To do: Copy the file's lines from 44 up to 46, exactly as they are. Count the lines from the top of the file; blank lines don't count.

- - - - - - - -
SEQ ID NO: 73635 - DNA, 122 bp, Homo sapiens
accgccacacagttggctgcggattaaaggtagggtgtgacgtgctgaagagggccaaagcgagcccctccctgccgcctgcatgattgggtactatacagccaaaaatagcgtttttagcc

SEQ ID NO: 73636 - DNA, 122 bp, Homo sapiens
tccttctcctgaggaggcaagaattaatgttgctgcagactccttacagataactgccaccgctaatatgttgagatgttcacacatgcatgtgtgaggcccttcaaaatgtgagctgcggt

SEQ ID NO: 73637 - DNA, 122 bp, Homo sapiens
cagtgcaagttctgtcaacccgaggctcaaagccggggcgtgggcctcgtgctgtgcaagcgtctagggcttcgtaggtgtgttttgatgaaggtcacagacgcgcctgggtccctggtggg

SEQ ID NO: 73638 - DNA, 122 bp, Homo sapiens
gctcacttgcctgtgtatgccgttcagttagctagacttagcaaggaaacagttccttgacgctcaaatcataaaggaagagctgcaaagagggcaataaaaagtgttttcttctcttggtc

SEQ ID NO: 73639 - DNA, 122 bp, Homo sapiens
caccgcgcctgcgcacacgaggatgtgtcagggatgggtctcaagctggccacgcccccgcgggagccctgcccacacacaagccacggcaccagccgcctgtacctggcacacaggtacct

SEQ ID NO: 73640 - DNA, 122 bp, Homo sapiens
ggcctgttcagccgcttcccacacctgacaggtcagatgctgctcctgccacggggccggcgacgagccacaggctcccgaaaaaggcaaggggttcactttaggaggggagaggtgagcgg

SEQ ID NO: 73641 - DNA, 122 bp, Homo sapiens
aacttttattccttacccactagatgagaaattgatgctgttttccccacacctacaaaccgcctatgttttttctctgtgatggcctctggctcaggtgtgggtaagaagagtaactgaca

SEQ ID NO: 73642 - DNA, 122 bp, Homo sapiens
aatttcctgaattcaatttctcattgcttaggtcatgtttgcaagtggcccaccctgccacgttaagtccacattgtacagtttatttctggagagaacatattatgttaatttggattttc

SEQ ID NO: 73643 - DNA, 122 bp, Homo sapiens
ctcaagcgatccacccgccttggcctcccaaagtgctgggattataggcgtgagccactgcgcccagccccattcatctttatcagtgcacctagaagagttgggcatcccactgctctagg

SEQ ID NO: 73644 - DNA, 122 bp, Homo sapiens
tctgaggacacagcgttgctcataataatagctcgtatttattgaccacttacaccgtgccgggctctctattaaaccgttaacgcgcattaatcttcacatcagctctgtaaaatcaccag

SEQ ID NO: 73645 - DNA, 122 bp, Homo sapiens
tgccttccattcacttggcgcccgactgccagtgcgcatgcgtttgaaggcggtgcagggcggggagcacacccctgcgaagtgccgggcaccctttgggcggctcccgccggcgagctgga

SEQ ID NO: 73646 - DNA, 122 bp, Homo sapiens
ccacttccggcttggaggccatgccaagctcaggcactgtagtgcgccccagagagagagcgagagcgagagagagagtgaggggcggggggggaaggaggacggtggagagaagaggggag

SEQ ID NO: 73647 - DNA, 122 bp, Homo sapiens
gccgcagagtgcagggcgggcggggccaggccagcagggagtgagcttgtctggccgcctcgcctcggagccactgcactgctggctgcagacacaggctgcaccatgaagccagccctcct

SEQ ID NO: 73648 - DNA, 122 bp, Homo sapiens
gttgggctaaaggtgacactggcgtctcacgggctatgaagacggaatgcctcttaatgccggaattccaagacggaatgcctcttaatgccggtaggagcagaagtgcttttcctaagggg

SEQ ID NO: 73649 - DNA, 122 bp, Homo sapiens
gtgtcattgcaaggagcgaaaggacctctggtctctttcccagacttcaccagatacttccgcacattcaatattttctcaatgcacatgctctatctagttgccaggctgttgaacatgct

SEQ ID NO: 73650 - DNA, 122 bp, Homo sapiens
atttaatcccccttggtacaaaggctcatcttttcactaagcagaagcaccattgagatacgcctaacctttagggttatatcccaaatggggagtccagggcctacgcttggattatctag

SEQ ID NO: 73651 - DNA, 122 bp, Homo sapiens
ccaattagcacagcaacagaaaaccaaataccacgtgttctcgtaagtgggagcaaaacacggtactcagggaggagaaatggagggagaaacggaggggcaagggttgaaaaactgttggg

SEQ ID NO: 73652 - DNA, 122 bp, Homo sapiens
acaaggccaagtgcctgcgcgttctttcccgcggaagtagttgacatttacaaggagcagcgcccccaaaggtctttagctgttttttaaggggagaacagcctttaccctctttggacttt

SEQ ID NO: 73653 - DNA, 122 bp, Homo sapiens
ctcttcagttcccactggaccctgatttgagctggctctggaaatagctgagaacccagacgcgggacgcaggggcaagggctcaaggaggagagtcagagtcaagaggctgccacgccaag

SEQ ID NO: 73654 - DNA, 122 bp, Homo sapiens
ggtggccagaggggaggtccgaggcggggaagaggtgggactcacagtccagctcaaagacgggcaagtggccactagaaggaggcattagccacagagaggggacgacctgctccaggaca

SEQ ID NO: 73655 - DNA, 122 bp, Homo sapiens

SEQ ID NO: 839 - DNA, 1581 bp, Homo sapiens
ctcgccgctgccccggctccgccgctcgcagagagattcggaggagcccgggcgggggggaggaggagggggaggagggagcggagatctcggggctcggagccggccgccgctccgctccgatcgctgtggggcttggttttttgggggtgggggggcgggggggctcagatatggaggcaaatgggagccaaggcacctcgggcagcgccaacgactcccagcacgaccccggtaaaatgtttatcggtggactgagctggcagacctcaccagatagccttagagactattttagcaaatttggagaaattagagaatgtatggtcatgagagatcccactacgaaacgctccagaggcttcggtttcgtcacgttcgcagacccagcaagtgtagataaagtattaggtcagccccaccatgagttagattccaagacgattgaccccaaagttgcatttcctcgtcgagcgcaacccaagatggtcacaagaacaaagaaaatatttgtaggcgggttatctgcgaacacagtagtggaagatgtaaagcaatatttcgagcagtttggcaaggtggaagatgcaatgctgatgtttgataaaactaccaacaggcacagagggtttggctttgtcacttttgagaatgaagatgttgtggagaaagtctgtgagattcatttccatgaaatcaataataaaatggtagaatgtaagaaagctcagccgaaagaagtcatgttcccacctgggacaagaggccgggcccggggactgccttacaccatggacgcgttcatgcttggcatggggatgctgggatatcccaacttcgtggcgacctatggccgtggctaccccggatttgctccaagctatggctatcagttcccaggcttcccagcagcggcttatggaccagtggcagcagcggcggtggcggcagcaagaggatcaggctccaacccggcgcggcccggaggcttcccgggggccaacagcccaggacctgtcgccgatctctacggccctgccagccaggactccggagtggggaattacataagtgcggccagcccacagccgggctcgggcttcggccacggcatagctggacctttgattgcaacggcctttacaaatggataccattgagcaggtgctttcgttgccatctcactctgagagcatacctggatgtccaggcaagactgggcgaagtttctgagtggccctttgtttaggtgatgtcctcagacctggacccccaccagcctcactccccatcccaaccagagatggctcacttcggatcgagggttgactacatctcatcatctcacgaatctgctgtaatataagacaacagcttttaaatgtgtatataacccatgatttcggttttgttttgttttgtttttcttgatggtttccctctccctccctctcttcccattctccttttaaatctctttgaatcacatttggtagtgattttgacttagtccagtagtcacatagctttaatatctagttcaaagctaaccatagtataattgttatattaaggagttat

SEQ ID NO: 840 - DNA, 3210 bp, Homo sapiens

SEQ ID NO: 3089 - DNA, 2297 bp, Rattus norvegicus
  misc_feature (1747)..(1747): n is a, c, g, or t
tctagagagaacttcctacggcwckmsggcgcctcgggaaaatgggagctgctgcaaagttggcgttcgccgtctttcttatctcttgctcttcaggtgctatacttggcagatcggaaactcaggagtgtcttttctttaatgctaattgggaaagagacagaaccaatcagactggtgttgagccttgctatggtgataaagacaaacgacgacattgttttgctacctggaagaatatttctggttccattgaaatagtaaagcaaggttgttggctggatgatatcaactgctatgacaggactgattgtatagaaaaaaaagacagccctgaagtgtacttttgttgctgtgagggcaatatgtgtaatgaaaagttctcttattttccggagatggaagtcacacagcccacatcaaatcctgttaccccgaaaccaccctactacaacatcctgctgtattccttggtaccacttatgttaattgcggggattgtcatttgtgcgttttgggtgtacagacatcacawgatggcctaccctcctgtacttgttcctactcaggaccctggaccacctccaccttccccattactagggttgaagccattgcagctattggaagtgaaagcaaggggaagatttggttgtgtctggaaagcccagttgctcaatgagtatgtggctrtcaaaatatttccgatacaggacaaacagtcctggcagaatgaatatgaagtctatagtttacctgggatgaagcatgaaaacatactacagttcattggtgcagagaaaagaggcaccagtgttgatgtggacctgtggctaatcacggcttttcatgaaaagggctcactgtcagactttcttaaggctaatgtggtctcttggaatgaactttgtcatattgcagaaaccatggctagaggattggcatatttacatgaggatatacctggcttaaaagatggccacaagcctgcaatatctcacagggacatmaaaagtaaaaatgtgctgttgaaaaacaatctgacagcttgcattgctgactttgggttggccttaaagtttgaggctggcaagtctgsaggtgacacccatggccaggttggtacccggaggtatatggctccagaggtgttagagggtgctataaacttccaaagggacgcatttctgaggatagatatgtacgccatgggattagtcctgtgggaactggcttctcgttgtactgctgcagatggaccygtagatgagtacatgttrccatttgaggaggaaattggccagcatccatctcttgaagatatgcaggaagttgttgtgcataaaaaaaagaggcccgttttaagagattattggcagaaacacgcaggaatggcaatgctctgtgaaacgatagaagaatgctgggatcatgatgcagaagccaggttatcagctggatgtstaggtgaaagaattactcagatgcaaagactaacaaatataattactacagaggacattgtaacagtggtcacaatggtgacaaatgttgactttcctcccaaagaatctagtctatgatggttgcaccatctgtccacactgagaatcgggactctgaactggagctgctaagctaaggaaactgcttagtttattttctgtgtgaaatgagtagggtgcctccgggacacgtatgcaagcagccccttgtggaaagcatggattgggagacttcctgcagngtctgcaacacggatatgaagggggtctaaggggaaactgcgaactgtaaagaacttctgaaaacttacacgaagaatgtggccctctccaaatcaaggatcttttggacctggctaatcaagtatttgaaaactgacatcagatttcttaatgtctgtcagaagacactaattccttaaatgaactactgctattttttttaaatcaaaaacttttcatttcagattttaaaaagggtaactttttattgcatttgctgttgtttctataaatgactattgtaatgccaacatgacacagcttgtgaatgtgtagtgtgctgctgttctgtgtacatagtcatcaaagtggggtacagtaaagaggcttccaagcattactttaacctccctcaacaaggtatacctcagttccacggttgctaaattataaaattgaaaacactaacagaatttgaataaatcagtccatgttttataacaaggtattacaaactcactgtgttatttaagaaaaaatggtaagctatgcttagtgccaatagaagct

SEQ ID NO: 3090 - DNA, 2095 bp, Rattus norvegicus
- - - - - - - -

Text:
SEQ ID NO: 840 - DNA, 3210 bp, Homo sapiens

SEQ ID NO: 3089 - DNA, 2297 bp, Rattus norvegicus
  misc_feature (1747)..(1747): n is a, c, g, or t